Considering_Divorce

Are you considering divorce but having mixed feelings about it?

Has marriage counseling failed?

Is your spouse talking about divorce, but you really want to save your marriage?

Your marriage is in trouble and either you or your spouse is considering divorce. You may be the one who wants to save the marriage, or you may be the spouse who is considering divorce but also unsure if this is what you really want.  In this situation, each spouse has different goals.  One spouse wants to save the marriage and the other is trying to decide whether or not divorce is the best option.  When a couple has mixed agendas, traditional marriage counseling is often unhelpful at best or may even cause more conflict and emotional pain.  

This is us and we need help!  If we have different agendas for our marriage, what can we do?

Thankfully there is a type of counseling that can help!  It's called Discernment Counseling.  Unlike traditional couples counseling, Discernment Counseling can help each spouse with their different goals.  For the spouse who is leaning into the marriage, Discernment Counseling coaches that person to be the best, most attractive version of themselves while not doing things that are counterproductive (like nagging, begging, etc.) in order to try to save the marriage.  For the spouse who is leaning out of the marriage, Discernment Counseling helps give one last look at the marriage so a decision can be more confidently made about whether to try to restore the marriage, move toward divorce, or take a time out and decide later.  Discernment counseling is considered successful when spouses have clarity and confidence in their decision making about the future of the marriage.

How can Discernment Counseling help both spouses with such different goals?

Although both spouses attend a Discernment Counseling session together, the majority of the work occurs as I work with each spouse individually.  This allows each spouse to be honest about how they feel without the fear of hurting their spouse or inflaming the situation.  I will respect the reasons for divorce while trying to open up the possibility of restoring the marriage to health.  During the sessions, I'll be encouraging each spouse to better understand their own contributions to the current problems in the marriage as well as the possible solutions.  This will be useful in future relationships even if this one ends in divorce.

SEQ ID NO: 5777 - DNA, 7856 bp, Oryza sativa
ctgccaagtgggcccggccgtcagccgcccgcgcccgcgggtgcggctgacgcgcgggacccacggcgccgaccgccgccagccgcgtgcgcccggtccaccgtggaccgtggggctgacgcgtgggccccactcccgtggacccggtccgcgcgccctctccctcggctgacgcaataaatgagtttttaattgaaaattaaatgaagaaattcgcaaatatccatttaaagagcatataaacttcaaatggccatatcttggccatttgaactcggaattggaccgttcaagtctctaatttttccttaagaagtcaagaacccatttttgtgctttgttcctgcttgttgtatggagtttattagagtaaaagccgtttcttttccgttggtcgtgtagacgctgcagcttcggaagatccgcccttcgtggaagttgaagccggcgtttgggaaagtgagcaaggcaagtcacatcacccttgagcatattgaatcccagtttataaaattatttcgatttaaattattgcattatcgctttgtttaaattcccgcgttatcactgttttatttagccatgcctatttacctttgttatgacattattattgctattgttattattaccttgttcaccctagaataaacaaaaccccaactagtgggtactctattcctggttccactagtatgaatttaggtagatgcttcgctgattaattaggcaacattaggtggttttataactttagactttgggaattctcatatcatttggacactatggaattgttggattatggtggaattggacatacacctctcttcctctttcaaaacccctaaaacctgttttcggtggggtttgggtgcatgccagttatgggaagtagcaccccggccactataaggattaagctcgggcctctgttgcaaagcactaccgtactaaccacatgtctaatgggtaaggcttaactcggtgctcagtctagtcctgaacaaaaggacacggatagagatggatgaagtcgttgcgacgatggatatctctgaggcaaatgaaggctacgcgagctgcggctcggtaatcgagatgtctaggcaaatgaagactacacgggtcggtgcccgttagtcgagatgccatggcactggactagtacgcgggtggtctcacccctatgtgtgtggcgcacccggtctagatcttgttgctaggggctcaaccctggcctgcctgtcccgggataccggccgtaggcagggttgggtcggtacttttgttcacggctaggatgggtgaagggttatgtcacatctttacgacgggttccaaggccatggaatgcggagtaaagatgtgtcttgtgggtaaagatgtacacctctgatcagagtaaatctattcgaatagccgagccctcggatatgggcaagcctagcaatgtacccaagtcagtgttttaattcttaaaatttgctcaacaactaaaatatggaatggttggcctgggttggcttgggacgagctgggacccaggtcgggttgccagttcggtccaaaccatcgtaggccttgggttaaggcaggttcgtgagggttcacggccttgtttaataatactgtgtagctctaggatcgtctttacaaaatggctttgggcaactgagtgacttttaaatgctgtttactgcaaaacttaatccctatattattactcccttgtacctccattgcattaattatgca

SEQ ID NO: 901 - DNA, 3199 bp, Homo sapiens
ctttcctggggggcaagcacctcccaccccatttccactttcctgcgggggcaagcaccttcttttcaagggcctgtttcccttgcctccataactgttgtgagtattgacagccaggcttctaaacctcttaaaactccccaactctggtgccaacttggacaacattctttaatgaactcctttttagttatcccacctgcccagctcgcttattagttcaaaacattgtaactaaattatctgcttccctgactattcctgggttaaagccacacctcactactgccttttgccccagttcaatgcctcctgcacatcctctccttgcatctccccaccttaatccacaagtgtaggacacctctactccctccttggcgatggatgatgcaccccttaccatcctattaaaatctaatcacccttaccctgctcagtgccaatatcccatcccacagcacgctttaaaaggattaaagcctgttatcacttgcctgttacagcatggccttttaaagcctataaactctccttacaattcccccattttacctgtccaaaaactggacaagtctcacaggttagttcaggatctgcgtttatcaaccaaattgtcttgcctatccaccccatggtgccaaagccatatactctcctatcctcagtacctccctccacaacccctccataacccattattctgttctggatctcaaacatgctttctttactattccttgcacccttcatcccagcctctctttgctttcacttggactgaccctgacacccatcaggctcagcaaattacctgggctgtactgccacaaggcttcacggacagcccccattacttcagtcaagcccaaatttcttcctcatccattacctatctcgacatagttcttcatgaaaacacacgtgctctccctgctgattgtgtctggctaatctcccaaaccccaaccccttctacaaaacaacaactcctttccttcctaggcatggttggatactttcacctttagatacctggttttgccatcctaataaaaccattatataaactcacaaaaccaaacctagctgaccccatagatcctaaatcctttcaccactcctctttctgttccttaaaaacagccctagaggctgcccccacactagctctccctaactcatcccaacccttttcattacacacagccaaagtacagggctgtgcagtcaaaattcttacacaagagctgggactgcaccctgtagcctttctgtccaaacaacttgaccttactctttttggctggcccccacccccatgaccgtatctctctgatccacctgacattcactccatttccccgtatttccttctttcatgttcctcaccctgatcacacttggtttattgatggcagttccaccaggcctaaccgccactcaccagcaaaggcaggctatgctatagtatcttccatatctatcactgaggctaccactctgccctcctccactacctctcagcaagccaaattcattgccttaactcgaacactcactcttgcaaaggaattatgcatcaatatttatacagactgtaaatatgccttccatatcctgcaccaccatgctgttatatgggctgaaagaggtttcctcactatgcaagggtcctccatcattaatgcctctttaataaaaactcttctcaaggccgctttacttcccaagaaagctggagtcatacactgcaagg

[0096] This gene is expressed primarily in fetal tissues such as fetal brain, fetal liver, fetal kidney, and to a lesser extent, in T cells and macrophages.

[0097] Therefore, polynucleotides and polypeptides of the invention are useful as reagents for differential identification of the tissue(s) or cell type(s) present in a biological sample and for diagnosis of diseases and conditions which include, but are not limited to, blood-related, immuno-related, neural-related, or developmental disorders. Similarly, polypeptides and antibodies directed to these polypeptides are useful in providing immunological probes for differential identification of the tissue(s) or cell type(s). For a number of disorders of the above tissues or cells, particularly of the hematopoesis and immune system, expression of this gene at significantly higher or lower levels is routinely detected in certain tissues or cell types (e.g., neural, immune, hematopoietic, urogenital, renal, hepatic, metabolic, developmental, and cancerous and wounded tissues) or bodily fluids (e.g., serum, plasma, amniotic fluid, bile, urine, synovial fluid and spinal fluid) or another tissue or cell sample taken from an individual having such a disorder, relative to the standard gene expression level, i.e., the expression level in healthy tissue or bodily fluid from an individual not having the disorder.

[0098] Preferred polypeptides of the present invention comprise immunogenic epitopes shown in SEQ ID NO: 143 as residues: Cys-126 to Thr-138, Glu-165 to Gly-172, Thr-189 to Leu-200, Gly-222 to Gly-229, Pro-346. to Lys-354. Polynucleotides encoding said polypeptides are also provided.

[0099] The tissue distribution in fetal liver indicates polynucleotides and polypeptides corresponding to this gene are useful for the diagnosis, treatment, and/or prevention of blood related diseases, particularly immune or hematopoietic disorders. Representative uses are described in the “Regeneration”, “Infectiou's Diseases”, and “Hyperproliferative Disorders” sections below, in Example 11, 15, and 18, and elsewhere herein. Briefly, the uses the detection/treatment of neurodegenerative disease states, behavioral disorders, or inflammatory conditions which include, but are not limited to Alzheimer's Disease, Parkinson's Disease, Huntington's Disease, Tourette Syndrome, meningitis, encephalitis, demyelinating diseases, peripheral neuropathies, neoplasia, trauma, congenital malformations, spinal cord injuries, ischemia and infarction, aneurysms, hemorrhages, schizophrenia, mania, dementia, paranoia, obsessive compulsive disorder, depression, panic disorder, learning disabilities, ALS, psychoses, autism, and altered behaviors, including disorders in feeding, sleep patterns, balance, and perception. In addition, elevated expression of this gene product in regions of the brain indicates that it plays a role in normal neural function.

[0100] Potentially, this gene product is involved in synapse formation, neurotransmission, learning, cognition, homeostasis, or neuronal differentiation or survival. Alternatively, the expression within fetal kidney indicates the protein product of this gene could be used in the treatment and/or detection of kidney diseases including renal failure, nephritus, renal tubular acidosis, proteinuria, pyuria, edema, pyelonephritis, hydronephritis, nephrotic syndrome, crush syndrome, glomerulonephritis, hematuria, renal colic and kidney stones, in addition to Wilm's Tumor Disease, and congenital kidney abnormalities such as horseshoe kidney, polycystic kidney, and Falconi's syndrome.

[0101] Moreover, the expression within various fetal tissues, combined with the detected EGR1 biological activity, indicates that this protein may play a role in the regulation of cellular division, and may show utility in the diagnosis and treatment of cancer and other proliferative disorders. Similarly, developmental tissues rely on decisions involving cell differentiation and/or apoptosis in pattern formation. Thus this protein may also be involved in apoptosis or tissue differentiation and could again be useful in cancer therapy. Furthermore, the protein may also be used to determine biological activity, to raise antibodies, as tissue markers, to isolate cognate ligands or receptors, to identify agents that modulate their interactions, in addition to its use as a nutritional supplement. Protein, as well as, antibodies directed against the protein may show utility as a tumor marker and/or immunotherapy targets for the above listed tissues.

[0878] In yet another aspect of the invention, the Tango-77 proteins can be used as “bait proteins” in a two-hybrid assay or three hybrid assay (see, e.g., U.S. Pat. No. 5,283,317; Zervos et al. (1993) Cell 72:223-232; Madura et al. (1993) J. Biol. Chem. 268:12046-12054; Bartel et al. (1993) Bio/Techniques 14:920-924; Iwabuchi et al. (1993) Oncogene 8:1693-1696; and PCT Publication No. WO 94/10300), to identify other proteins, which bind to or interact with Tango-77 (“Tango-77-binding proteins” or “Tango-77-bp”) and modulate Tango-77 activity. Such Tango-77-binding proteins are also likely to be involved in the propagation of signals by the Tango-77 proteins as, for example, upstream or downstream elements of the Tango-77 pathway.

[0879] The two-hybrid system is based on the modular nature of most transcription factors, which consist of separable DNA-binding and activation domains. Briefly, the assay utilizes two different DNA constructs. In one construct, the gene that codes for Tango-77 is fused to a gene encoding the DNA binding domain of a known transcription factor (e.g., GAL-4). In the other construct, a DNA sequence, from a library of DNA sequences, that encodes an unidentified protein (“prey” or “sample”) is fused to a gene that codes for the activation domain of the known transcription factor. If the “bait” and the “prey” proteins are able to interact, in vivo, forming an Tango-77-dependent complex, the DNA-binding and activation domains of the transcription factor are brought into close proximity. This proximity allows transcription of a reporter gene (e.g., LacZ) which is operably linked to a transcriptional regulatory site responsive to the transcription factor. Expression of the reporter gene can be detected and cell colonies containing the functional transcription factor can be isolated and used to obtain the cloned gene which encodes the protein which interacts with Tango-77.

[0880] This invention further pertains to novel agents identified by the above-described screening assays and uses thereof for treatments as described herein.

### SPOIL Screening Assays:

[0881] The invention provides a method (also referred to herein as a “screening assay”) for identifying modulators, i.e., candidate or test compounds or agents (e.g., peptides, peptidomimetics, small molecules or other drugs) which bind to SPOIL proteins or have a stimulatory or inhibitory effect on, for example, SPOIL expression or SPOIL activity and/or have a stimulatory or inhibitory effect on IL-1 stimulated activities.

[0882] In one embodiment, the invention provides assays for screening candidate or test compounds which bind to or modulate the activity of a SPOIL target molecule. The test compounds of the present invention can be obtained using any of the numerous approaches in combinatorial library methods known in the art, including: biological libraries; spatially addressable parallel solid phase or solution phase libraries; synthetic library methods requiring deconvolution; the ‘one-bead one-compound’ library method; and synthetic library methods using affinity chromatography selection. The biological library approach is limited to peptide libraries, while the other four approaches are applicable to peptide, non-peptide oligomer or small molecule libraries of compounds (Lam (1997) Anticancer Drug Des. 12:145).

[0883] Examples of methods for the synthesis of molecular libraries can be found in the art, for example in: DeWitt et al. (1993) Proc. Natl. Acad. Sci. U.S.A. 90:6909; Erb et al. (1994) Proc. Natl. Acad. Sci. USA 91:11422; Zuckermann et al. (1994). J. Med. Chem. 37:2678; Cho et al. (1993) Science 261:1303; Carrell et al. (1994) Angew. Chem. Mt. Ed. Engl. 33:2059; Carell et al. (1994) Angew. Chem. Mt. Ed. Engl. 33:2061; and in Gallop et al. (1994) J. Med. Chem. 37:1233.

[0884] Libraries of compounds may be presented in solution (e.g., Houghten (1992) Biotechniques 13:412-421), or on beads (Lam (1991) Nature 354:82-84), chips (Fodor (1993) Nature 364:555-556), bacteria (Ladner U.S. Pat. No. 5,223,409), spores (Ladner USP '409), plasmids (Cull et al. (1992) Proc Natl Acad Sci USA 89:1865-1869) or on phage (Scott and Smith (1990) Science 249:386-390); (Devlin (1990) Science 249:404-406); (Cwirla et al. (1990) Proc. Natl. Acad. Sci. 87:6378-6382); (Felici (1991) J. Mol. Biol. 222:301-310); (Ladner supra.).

How long is the Discernment Counseling process?

Generally, the Discernment Counseling process is no more than 5 sessions.  After 5 sessions, each spouse will have a deeper understanding of their contributions to the problems in their marriage and clarity regarding their decision about the future of their marriage.  When a decision emerges, I help each spouse either find professionals who can help them have a constructive divorce or formulate a reconciliation plan to create a healthy, successful marriage. In some cases, couples decide to take a time out from the discernment process and return later.

Are there situations when Discernment Counseling is not helpful?

Discernment counseling is NOT suitable when:

  • One spouse has made a final decision to divorce and wants counseling to help the other spouse accept that decision

  • There is a danger of domestic violence

  • There is a Protection Order from the court

  • One spouse is coercing the other to participate
     

How long is each session and what are the session fees?

Because I am meeting with each spouse during the sessions, Discernment Counseling sessions are a bit longer than typical counseling sessions.  The first session is 2 hours long and costs $260.  The subsequent sessions are 1 1/2 hours long and cost $195 for each session.

I want to save my marriage, but my spouse refuses to attend Discernment Counseling.  Is there anything I can do?

Yes!  Please contact me.  I work individually with spouses who are trying to save their marriages.  Through this process you will learn more about your contributions to the problems in the marriage, learn how to avoid common mistakes that can make the current crisis worse, and learn how to have a more collaborative relationship with your spouse even if the marriage ultimately ends in divorce.  A great resource for you is the book The Divorce Remedy by Michele Weiner-Davis and her website: www.DivorceBusting.com